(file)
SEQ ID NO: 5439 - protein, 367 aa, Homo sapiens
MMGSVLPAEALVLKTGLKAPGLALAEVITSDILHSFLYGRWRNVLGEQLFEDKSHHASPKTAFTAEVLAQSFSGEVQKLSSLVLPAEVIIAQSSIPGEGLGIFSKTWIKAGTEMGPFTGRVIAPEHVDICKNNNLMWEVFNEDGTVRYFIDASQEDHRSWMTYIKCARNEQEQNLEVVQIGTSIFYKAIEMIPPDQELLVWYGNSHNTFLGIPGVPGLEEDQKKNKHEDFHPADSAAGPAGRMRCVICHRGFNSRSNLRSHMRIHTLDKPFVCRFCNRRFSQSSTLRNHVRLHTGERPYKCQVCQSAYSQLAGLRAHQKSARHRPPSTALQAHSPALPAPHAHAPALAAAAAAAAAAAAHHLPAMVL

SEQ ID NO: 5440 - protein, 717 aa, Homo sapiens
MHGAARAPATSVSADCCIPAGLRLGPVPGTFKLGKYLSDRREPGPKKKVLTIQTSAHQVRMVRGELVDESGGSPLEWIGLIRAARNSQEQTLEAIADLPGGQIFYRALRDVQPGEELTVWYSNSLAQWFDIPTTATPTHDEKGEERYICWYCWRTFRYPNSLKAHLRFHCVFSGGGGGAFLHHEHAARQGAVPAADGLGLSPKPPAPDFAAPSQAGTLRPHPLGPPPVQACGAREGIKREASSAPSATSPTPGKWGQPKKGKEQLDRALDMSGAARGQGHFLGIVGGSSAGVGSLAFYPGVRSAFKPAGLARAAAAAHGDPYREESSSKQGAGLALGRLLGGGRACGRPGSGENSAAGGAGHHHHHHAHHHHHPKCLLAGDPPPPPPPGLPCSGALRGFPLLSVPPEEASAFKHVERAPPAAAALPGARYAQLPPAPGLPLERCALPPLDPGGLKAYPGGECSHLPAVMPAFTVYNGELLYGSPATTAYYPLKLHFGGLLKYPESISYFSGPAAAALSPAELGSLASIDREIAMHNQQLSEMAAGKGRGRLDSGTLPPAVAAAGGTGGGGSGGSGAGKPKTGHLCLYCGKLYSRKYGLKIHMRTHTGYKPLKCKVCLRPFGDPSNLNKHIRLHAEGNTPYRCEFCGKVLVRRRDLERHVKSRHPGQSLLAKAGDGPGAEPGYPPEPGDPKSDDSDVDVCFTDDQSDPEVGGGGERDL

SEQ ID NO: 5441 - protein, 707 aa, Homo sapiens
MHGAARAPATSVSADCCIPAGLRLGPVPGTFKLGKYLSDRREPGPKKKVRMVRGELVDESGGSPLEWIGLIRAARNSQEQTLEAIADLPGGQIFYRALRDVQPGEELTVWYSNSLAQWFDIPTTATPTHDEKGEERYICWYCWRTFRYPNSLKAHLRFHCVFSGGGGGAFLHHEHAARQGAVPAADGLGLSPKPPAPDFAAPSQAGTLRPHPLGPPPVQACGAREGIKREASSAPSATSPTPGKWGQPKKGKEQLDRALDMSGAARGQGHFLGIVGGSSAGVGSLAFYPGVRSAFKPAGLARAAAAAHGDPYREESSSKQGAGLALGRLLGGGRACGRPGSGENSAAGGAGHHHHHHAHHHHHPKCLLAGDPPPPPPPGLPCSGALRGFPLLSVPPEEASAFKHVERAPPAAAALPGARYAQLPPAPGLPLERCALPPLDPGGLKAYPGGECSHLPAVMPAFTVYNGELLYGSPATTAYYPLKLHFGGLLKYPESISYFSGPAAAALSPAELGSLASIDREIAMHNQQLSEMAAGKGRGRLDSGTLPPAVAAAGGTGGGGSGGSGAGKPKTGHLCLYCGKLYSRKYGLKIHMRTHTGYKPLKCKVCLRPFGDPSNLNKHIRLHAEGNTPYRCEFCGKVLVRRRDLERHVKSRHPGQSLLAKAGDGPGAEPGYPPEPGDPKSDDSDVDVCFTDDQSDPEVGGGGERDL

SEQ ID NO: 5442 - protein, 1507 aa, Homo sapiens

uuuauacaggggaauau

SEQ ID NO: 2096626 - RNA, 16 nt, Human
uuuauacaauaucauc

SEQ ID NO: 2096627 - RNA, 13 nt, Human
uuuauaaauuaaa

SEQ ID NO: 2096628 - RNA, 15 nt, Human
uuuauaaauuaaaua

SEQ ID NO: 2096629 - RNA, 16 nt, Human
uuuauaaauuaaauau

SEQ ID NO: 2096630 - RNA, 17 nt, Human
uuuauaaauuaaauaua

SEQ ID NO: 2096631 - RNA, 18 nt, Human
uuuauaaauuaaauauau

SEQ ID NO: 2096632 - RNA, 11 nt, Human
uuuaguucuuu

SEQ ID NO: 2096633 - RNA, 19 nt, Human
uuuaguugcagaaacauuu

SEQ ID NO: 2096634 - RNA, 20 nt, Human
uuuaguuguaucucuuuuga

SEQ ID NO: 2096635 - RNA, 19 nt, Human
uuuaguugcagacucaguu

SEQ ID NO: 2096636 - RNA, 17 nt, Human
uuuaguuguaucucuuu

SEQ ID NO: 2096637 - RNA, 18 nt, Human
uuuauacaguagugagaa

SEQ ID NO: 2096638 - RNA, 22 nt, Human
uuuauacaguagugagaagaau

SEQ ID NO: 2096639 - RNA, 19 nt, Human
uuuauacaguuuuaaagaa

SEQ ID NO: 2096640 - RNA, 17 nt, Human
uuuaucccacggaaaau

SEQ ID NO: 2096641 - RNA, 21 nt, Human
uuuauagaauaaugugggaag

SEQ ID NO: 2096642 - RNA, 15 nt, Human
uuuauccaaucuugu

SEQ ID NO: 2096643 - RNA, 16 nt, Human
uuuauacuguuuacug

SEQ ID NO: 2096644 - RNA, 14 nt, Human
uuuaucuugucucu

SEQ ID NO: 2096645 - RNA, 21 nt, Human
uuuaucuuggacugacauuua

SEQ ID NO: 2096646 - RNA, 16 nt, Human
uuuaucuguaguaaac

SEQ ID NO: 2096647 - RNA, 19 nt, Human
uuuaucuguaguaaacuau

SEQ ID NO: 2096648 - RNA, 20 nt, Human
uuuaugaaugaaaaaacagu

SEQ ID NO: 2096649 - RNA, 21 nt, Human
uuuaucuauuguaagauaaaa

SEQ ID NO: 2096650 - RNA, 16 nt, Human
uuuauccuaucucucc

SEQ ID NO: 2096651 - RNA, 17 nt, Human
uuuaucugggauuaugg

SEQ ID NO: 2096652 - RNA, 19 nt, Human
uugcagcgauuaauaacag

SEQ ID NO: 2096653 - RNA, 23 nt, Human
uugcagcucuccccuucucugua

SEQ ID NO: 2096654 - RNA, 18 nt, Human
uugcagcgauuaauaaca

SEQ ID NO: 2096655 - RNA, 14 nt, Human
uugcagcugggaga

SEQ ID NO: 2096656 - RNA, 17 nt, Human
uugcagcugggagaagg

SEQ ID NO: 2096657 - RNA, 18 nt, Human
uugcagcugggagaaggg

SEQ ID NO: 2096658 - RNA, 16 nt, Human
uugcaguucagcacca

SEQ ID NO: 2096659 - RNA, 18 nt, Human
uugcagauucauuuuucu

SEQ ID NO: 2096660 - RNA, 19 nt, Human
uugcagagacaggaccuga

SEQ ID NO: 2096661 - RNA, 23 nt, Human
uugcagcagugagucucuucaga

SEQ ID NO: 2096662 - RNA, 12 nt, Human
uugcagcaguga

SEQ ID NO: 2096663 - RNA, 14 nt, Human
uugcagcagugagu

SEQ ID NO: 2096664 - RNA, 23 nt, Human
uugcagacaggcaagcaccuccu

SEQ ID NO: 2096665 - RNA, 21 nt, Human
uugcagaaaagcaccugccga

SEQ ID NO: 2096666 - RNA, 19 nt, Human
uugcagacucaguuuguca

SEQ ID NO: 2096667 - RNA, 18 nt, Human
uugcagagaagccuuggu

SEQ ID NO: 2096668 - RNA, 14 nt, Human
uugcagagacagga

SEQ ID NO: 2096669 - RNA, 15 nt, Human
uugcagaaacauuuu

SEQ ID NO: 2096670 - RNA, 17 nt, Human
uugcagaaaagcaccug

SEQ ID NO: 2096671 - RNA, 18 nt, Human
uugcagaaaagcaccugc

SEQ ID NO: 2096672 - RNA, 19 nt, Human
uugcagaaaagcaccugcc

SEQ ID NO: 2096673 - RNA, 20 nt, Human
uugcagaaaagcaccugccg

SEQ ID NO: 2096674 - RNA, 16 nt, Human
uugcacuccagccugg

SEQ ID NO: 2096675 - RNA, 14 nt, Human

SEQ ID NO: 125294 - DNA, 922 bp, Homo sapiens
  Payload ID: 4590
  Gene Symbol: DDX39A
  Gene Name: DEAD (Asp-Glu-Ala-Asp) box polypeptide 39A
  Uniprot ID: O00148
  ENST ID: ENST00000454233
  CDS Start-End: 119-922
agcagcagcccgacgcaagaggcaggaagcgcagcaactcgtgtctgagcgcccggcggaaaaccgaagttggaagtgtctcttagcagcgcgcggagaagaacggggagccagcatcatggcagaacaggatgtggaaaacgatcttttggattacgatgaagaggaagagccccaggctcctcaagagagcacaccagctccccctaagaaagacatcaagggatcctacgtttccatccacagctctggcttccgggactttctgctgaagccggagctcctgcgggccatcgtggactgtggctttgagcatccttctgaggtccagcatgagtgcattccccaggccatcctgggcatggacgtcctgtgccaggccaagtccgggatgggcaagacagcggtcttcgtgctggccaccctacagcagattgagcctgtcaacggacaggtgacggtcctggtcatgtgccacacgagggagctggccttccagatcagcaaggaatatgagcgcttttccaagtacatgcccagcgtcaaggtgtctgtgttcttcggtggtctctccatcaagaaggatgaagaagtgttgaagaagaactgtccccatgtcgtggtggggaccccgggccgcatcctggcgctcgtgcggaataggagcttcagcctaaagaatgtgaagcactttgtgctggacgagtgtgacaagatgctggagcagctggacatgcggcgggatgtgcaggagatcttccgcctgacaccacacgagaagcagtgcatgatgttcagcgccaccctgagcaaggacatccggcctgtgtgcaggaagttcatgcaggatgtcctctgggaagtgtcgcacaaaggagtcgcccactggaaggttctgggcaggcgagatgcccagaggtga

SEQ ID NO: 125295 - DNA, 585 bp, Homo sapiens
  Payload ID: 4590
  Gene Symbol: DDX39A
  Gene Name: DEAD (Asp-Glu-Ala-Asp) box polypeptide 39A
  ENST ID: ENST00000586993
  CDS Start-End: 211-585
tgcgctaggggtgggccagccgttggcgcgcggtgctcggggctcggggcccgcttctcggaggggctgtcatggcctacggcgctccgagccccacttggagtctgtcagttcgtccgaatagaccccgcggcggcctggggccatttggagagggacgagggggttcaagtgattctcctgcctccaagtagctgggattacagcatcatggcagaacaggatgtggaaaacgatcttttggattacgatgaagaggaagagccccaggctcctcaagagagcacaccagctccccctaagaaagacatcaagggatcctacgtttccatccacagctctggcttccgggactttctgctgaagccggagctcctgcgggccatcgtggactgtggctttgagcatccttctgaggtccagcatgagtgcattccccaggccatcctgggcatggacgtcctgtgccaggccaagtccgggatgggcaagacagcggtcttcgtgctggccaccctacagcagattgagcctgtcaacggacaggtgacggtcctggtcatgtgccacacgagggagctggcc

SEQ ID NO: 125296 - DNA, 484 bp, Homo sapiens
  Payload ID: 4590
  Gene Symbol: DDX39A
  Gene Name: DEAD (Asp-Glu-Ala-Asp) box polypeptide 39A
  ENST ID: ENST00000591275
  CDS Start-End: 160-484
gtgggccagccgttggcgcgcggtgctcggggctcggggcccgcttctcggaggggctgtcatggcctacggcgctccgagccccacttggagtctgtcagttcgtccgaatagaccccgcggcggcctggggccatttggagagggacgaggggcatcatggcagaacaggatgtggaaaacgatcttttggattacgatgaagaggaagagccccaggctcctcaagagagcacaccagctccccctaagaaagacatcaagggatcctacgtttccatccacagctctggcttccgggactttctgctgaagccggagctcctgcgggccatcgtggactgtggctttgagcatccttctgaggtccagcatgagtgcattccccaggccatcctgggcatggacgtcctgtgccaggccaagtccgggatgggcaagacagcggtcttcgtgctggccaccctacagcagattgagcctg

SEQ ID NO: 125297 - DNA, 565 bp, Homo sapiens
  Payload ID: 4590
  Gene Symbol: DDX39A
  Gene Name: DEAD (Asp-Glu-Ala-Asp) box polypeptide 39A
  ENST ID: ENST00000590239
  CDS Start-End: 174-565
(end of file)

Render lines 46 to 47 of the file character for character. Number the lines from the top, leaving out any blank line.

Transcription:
uuuaucuugucucu

SEQ ID NO: 2096645 - RNA, 21 nt, Human